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Genesis 11:26-12:4

After Terah was 70 years old, he became the father of Abram, Nahor, and Haran. This is the account of Terah’s family. Terah was the father of Abram, Nahor, and Haran; and Haran was the father of Lot. But Haran died in Ur of the Chaldeans, the land of his birth, while his father, Terah, was still living. Meanwhile, Abram and Nahor both married. The name of Abram’s wife was Sarai, and the name of Nahor’s wife was Milcah. (Milcah and her sister Iscah were daughters of Nahor’s brother Haran.) But Sarai was unable to become pregnant and had no children. One day Terah took his son Abram, his daughter-in-law Sarai (his son Abram’s wife), and his grandson Lot (his son Haran’s child) and moved away from Ur of the Chaldeans. He was headed for the land of Canaan, but they stopped at Haran and settled there. Terah lived for 205 years and died while still in Haran. The Lord had said to Abram, “Leave your native country, your relatives, and your father’s family, and go to the land that I will show you. I will make you into a great nation. I will bless you and make you famous, and you will be a blessing to others. I will bless those who bless you and curse those who treat you with contempt. All the families on earth will be blessed through you.” So Abram departed as the Lord had instructed, and Lot went with him. Abram was seventy-five years old when he left Haran.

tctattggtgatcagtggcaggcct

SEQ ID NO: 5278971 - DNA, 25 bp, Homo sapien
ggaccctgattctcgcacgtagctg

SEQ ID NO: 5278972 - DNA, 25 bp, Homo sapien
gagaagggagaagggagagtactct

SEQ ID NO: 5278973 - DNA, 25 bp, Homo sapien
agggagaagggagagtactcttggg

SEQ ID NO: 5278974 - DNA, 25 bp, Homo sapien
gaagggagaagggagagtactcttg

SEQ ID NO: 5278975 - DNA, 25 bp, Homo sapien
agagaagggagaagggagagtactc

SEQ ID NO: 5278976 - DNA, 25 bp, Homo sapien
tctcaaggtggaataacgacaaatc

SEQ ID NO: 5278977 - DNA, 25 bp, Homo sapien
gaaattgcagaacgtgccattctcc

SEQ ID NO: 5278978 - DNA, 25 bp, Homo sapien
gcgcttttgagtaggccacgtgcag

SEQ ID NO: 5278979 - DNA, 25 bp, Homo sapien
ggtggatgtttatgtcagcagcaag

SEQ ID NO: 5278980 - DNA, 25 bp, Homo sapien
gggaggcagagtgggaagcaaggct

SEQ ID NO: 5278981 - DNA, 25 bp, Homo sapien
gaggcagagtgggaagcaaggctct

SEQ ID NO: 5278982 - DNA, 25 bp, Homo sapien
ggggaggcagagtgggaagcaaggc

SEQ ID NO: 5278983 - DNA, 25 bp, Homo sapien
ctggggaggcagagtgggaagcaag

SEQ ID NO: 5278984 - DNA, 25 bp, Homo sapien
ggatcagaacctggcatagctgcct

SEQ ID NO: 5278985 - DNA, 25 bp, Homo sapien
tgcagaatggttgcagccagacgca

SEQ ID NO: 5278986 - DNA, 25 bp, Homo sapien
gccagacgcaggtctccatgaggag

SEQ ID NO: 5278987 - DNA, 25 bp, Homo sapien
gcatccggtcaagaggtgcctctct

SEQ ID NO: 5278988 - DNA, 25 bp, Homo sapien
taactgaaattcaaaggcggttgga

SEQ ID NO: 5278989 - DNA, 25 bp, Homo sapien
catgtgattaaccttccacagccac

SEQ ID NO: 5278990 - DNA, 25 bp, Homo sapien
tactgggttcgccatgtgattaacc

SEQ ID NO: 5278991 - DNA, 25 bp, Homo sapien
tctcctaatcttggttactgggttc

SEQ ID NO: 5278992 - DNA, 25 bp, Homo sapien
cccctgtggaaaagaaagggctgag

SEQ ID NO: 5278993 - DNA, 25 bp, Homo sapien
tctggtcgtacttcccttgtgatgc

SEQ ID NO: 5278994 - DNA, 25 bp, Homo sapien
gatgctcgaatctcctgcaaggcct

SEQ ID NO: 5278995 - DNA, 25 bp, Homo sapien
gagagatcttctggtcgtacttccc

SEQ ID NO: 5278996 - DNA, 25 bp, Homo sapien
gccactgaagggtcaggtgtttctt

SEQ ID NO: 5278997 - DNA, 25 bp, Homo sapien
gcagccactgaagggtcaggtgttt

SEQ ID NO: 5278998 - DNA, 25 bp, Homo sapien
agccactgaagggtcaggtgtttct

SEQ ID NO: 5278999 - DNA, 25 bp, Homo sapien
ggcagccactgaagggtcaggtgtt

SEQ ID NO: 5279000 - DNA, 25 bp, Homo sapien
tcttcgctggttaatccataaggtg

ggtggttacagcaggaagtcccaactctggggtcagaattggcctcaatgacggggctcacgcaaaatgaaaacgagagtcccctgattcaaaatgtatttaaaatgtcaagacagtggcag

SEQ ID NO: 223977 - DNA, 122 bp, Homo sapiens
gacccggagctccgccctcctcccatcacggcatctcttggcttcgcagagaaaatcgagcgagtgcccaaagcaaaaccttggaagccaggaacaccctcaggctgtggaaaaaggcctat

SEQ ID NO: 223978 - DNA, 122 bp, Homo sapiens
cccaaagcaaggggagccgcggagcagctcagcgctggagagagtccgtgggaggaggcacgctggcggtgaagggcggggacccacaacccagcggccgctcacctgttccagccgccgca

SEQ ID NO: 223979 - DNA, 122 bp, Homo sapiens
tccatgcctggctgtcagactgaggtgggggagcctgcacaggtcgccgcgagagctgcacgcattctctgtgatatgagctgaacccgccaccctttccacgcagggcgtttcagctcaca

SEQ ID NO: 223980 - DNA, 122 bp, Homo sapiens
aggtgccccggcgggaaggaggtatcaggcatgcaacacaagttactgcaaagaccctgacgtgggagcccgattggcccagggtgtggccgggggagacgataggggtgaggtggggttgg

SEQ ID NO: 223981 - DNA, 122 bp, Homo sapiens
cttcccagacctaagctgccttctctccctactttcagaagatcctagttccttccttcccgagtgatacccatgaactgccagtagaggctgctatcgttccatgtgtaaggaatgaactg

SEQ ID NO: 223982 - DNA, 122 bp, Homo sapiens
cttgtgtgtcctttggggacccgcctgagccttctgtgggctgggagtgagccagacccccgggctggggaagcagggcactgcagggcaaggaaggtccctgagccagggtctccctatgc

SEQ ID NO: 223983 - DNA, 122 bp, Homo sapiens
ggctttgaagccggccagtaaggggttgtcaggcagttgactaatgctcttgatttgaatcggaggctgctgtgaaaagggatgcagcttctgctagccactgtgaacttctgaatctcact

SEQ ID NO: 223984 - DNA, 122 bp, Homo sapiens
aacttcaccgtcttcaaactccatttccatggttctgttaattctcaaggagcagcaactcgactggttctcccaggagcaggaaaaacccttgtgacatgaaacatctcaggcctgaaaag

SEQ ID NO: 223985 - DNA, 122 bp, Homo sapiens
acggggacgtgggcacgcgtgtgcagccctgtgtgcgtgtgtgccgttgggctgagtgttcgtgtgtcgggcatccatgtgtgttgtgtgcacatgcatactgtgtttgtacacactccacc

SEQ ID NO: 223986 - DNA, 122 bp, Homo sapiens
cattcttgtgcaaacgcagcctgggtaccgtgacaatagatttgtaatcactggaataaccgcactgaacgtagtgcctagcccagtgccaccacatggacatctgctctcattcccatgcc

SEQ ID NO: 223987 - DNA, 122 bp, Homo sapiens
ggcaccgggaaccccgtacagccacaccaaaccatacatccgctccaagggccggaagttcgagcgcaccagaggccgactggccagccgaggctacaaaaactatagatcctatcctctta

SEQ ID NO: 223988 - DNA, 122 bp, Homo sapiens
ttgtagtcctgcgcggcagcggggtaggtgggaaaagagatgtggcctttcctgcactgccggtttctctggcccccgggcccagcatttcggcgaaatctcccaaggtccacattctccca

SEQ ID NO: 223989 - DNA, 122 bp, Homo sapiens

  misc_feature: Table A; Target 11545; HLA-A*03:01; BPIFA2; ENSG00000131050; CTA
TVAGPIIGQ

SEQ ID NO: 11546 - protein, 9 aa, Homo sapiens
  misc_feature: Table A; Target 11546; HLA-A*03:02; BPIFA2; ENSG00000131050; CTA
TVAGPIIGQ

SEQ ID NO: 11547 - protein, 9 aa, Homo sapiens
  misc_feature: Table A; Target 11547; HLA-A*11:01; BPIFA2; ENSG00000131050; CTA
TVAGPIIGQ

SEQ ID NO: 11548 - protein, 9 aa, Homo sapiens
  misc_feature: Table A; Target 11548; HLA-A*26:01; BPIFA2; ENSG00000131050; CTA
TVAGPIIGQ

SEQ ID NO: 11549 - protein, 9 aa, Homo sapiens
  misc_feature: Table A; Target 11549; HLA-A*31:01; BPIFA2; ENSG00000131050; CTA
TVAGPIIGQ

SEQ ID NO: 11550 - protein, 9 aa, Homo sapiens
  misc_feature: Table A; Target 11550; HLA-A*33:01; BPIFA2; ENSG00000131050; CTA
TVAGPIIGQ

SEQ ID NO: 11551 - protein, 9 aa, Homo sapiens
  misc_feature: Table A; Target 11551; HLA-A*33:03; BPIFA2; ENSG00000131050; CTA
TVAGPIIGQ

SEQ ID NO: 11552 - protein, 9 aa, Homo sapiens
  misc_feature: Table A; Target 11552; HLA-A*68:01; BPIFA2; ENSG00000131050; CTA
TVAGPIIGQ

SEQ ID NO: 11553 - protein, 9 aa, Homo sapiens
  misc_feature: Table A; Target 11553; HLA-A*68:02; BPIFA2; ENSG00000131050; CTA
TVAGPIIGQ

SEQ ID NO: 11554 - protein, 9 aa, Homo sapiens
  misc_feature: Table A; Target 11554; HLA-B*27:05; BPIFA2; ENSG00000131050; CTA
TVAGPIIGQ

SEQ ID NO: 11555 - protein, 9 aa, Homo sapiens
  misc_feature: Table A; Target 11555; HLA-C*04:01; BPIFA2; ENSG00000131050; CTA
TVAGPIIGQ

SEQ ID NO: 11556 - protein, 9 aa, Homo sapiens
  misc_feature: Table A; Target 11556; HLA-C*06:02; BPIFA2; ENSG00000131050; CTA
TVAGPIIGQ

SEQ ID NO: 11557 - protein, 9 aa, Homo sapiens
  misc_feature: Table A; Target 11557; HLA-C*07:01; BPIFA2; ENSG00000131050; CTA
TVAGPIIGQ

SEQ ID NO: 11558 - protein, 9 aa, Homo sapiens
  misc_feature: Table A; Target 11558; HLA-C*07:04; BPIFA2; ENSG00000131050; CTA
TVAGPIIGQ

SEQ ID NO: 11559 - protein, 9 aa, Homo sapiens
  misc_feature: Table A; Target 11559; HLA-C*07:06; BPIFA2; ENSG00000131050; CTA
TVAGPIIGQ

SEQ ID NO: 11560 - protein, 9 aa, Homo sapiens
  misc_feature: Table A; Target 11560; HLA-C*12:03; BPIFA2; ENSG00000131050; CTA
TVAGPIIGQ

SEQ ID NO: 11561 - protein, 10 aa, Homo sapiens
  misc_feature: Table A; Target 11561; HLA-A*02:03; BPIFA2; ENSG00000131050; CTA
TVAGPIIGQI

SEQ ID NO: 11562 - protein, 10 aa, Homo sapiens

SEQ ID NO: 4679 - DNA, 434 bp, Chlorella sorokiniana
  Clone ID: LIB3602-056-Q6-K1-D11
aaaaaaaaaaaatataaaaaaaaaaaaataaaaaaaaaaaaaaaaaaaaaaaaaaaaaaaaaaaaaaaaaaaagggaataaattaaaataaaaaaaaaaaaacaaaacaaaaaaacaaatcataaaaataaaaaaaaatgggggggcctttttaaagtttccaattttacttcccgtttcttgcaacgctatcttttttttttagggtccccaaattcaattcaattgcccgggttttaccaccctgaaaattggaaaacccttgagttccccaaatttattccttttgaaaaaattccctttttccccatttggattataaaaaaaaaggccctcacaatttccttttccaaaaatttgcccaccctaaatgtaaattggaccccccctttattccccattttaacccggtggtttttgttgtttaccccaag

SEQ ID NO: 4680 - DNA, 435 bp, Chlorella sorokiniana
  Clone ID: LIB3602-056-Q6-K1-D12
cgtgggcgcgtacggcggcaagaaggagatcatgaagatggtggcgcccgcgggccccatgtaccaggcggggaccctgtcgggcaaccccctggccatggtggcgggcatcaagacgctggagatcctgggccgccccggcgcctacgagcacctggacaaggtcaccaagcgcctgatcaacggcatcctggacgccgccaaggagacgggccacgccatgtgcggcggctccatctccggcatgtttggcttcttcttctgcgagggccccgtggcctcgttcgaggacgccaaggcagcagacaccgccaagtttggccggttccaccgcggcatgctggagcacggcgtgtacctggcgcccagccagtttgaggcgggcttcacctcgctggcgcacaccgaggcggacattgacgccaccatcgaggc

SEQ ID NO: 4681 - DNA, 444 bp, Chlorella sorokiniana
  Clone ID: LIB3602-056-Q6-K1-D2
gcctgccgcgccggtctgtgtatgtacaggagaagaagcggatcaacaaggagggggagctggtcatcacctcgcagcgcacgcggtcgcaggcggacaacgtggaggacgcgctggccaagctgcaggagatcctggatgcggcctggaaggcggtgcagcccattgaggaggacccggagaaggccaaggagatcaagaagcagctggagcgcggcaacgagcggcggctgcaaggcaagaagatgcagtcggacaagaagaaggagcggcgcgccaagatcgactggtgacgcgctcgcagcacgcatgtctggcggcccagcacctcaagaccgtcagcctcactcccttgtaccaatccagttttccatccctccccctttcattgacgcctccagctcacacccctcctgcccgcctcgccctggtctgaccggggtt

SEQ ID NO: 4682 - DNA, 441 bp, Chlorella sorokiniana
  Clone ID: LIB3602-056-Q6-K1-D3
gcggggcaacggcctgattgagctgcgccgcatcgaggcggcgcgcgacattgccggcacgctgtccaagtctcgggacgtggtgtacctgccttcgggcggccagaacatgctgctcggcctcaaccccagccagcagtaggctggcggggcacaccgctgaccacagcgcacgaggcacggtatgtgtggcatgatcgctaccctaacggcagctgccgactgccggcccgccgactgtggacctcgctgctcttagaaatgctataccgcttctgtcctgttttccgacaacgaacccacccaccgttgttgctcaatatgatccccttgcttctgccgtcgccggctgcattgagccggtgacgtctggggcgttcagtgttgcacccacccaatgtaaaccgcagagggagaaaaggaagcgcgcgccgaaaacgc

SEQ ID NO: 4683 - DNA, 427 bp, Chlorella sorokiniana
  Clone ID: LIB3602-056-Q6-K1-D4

Genesis 11:26-12:4

Dear God, maybe we aren’t as great as we think we are. Maybe, sometimes, we are just convenient to your plan.

It’s interesting that Genesis doesn’t really give us any great insights into why you chose Abram. I imagine it had something to do with the fact that he was pretty much willing to do any weird thing you asked him to do.

  • Leave your family and go where I tell you (to be disclosed later). Okay
  • Listen to Sarah and send Hagar and Ishmael off to seemingly die. Okay.
  • Sacrifice your son on an altar to me. Sure.

I would imagine that the people around Abram/Abraham thought he was pretty weird. A religious zealot. But you gave him credibility through the blessings you gave him so I would imagine that was enough reason for the people around him to go along with him.

Is everything I just typed heresy? I don’t know. Maybe. But then I think of Paul. It certainly wasn’t his love for Jesus or goodness that made you call him. It was his zeal that you knew you could redeem and redirect for your purposes (is that more heresy?). Samson? Well, Samson was just a mess of a person, but certainly your person for a specific time. It certainly wasn’t his goodness or love for justice and mercy that earned him your favor. Jacob? A scoundrel if ever there was one, but you had some specific plan for this clan spawned by Abram through Isaac and Ishmael. Thousands of years later, and these are the two dominant religions in the world.

It makes me think of a Rich Mullins song called “Who God is Gonna Use.”

As part of the intro to this YouTube video he said, “Some people say, ‘Rich, don’t you feel like a phony talking about Christ?’ And I say, ‘No, I don’t because I don’t believe Christ loves me because I’m good.'” Then he goes on to sing about all of these people in the Bible you used about whom there was nothing particularly Godly. Balaam’s donkey. Pharaoh’s daughter who found Moses. Esther. Pilate.